The views and opinions expressed in guest posts featured on this blog are those of the author and do not necessarily reflect the opinions and views of the International Coach Federation (ICF). The publication of a guest post on the ICF Blog does not equate to an ICF endorsement or guarantee of the products or services provided by the author.

Comments (10)

  1. I love these ideas! Thank you for sharing them!! I’ve never tried creating graphics like this during a session, but I’m certainly inspired now that’s it’s in my toolkit.

  2. Figiro says:

    It was a great post.

  3. fabiola@coachinglab.cl says:

    Thanks for sharing, I’m working also in that field. Good to know that we can share!!

  4. Dear Susan, This is such a great post! I have been researching on sketch-notes as I find them very powerful in conveying messages. To see how visual coaching can get is inspiring! Thanks!

  5. jlzpasqual@gmail.com says:

    Hi Susan, thank you so much for your post. It is so inspirational, that in my monthly article to a Brazilian digital Coaching Magazine called Cloud Coaching, I will explore about this subject and really hope riders will enjoy it as much as i enjoyed yours.


    João Luiz Pasqual

  6. mariceliamoura@uol.com.br says:

    Sensacional! Inspiradora, lúdica e criativa demais com 1001 possibilidades! Gratidão em compartilhar conosco! Parabéns, Susan!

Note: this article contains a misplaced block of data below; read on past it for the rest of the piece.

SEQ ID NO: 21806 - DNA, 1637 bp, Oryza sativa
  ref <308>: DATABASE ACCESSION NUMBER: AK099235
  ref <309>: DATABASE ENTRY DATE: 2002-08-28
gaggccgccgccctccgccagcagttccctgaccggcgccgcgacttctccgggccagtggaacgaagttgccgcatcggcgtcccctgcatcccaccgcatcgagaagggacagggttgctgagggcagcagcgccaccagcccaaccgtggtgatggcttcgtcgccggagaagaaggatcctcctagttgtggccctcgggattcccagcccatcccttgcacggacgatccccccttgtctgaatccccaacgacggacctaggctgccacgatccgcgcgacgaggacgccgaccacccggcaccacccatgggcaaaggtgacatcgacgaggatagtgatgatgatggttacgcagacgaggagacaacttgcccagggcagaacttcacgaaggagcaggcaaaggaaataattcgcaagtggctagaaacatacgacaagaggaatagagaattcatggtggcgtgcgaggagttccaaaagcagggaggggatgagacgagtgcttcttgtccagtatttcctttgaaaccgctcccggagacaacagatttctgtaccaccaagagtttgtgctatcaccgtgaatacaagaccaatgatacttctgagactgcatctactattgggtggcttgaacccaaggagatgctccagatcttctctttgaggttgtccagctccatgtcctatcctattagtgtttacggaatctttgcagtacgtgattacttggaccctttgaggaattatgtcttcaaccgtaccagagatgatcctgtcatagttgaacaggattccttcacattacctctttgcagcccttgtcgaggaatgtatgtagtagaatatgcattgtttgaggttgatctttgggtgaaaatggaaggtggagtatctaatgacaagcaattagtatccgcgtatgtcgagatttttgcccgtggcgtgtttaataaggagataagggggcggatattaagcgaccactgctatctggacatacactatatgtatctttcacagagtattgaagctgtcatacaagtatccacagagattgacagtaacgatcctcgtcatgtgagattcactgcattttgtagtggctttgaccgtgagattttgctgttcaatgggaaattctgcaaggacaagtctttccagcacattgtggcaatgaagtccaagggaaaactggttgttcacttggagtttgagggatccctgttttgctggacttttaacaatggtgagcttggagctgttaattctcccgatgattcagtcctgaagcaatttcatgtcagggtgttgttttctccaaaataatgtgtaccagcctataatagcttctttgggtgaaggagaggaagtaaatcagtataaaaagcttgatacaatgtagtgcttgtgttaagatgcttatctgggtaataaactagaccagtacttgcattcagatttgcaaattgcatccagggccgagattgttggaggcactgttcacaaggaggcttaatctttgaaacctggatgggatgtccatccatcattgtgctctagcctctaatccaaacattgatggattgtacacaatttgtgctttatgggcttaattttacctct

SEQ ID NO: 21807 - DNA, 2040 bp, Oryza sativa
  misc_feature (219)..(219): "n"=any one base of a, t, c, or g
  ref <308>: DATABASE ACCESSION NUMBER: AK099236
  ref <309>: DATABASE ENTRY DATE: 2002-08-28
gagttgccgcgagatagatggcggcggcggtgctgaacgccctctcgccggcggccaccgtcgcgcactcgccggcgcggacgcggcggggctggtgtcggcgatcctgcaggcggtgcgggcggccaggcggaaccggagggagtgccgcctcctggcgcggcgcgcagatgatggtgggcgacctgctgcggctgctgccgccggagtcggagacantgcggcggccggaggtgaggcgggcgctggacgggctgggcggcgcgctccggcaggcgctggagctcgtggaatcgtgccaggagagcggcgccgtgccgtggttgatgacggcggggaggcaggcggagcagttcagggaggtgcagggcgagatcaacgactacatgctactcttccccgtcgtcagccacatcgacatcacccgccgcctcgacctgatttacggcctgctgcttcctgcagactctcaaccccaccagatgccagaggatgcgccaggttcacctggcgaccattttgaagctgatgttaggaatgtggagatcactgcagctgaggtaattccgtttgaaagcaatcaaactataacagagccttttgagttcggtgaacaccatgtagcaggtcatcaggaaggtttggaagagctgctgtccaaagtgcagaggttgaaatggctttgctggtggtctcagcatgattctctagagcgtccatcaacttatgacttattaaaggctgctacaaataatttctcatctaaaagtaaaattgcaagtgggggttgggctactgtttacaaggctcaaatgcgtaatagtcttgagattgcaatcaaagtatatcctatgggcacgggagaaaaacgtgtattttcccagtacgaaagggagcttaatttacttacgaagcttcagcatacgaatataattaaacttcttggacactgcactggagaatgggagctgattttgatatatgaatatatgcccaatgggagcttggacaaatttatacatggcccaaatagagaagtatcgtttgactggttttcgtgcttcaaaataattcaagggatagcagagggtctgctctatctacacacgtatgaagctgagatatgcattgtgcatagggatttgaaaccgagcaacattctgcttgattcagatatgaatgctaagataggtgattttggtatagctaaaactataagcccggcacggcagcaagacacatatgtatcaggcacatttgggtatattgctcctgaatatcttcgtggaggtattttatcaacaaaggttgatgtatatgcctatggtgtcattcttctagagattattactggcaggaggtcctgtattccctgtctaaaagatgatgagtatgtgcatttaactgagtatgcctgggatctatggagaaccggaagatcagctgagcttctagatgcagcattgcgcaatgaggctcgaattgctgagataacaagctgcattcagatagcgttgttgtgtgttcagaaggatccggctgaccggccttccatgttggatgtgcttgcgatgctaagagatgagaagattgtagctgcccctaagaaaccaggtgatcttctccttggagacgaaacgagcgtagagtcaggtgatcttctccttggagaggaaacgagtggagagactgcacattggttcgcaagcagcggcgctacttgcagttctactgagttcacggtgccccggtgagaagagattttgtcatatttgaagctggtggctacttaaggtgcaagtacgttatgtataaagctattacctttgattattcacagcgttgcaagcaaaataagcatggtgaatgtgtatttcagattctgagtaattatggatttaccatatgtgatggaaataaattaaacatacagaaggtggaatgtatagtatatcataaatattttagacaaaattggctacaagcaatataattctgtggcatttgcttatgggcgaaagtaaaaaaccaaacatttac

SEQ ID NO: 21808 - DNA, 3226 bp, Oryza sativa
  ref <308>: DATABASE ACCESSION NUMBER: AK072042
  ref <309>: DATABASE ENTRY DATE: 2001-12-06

7. Aldreda says:

    I LOVE THIS! Thanks so much for these ideas.

  8. Ann V Deaton says:

    Very creative, Susan. When you realize that more than half the sensory neurons in our brains are visual, it makes wonderful sense to add visual modalities to coaching.
    Ann V Deaton, PhD, PCC
    Author, VUCA Tools for a VUCA World and Being Coached.

  9. István Ágoston says:

    First of all thank you a lot for these ideas, they are out-of-the-box, fun, and I can’t wait to try them out ASAP. Also, I think some of us might be held back because of the myth about drawing. Even though high level art requires a lot of effort and talent, we are able to draw little cartoons pretty easily. A good example is in a Ted-talk from Graham Shaw with the title “Why people believe they can’t draw – and how to prove they can”.
    Once again thank you for sharing this great idea, and keep being an awesome coach!

Leave a Reply

Not a member?

Sign up now to become a member and receive all of our wonderful benefits.

Learn more